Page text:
The peasant is free

Hans Kudlich

Feudal structures still determined the peasants’ way of life. But this was finally to change as a result of the endeavours of Hans Kudlich…

What has not been discussed are precisely those laws which affect the personal liberty of the subject in such a way that we can look upon this as a state of emergency, as a state of siege upon personal liberty, and one which a high Assembly based upon the sovereignty of the people can no longer tolerate. (Applause) It will, of course, be objected that the thing will come to an end of itself, but I say: this cannot be silently given to the people; it must happen with a ceremonial proclamation of the Austrian people (applause), to complete those steps once started by a monarch called Josef. What a monarch has done for his subjects, the Austrian people should do for themselves, that is what we should do for our brothers. (Applause) It is an irony when one hears that the sovereign Austrian people grants itself a constitution built on democratic foundations, and that in all the provinces there is a state of affairs which, in essence, can hardly be distinguished from the old serfdom, (applause) and so it is contradictory if we have subjects sitting alongside citizens; now and forever I am unable to reconcile these two terms: ‘subjects’ and ‘citizens’.

After the Constituent Diet was opened in Vienna in July 1848 by Archduke Johann for the purpose of producing the first draft of a constitution, Hans Kudlich (1823 – 1917) presented his demands to the Diet. A student and son of a peasant, he used this opportunity to put forward his application for ‘revocation of the subservient condition of the peasants’. In the following speech to the general public he criticized the functioning of the government.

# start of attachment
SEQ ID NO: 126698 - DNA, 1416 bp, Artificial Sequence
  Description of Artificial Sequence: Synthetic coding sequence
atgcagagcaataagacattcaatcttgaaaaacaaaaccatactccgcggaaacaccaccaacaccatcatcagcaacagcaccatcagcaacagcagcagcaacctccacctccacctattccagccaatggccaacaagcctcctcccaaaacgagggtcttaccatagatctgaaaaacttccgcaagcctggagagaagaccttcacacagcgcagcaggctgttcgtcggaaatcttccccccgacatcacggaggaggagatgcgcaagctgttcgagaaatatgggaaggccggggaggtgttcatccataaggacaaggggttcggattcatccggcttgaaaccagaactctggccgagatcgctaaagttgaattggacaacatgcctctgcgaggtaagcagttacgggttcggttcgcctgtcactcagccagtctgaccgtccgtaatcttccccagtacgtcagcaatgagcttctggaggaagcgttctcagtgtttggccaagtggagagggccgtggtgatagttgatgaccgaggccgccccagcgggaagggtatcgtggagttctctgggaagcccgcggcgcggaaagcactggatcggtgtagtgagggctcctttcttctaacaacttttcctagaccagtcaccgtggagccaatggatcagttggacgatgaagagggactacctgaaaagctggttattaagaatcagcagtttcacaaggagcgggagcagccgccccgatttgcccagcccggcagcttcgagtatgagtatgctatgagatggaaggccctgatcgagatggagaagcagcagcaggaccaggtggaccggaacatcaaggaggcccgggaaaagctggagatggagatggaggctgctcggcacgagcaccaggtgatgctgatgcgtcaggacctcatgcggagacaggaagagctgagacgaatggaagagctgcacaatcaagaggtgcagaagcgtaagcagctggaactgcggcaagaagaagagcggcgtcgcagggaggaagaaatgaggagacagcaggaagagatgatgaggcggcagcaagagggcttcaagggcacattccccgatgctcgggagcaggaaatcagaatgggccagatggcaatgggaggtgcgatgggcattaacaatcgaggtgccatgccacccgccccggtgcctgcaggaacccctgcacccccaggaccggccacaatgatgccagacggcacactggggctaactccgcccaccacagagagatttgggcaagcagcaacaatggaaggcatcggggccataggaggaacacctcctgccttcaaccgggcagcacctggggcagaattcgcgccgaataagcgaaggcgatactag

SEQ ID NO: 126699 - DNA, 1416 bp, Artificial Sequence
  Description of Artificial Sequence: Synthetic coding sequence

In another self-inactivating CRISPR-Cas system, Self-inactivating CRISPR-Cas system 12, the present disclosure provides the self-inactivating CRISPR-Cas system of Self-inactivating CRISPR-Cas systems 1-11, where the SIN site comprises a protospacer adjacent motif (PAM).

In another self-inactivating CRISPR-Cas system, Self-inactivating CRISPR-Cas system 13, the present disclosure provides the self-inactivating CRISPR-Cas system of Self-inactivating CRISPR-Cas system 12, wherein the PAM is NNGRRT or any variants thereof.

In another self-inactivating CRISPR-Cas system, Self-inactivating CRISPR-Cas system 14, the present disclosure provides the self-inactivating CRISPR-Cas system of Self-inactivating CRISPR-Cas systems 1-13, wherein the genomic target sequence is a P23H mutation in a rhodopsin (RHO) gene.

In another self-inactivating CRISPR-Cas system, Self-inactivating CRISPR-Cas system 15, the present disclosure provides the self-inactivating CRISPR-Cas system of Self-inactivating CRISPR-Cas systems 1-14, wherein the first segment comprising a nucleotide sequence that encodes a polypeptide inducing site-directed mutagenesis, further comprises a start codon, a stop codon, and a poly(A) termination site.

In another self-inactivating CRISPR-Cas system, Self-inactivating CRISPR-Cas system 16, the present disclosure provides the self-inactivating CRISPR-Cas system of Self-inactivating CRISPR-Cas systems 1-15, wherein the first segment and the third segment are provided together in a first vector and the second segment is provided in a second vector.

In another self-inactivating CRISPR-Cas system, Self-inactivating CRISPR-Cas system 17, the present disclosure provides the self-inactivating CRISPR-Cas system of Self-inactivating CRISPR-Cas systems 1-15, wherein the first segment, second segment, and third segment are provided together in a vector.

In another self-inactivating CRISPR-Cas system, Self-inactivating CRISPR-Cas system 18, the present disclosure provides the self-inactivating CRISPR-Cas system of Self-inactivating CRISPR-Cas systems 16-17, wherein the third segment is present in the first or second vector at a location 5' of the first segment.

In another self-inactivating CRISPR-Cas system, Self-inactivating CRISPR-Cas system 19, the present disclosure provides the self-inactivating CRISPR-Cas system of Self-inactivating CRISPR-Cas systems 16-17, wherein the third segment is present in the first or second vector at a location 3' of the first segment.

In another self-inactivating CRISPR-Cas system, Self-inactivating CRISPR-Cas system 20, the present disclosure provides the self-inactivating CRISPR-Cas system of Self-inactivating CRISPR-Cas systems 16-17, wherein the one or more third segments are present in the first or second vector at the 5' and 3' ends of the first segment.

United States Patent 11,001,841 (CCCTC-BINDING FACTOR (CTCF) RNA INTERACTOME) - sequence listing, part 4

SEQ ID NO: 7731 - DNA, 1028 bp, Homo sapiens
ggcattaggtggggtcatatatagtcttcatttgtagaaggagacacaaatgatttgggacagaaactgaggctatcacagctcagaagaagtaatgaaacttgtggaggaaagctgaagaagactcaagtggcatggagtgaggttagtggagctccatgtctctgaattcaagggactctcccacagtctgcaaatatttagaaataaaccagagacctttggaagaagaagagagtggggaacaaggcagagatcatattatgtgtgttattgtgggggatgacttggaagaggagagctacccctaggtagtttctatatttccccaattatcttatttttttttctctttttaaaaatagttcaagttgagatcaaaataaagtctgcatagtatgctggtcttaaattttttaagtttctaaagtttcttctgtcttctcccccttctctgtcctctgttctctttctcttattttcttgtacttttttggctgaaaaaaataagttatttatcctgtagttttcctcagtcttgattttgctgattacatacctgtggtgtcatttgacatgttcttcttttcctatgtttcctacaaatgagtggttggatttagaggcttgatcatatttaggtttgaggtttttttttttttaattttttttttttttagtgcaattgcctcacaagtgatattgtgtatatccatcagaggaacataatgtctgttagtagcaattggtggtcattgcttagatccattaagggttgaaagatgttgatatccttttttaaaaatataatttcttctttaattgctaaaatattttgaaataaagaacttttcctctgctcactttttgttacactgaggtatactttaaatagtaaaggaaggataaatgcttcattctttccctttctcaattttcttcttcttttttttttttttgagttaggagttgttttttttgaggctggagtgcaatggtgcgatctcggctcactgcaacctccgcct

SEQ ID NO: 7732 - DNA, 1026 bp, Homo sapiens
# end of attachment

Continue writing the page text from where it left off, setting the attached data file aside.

Hans Kudlich

Hans Kudlich demanded freedom of the press and political participation, but above all the emancipation of the peasants from obligatory dues and services and all aspects of subservience – and thereby the abolition of manorial rights. The manorial system had guaranteed the European system of rule since the early Middle Ages. The ‘lordship over land and people’ meant that the peasants were legally subordinate to a landowner and that the land they farmed did not belong to them. They were therefore obliged to pay dues to the owner, mostly in the form of money, obligatory labour (robot) and payments in kind, such as a proportion of their harvest.

The Vienna Imperial Diet, the first freely elected parliament in the Danube Monarchy, addressed the demands of the peasantry in the Agrarian Reform Patent of 7 September 1848. Whether we can truly talk of ‘peasant emancipation’ is however questionable. Peasants could legally apply to buy their farms for one third of the estimated value. The state paid a further third to the landowners, who for their part had to forgo their own third. However, many peasants were unable to raise the necessary funds to buy their farms, and many of them consequently moved to the towns and cities and henceforth supported themselves by waged labour.

Anita Winkler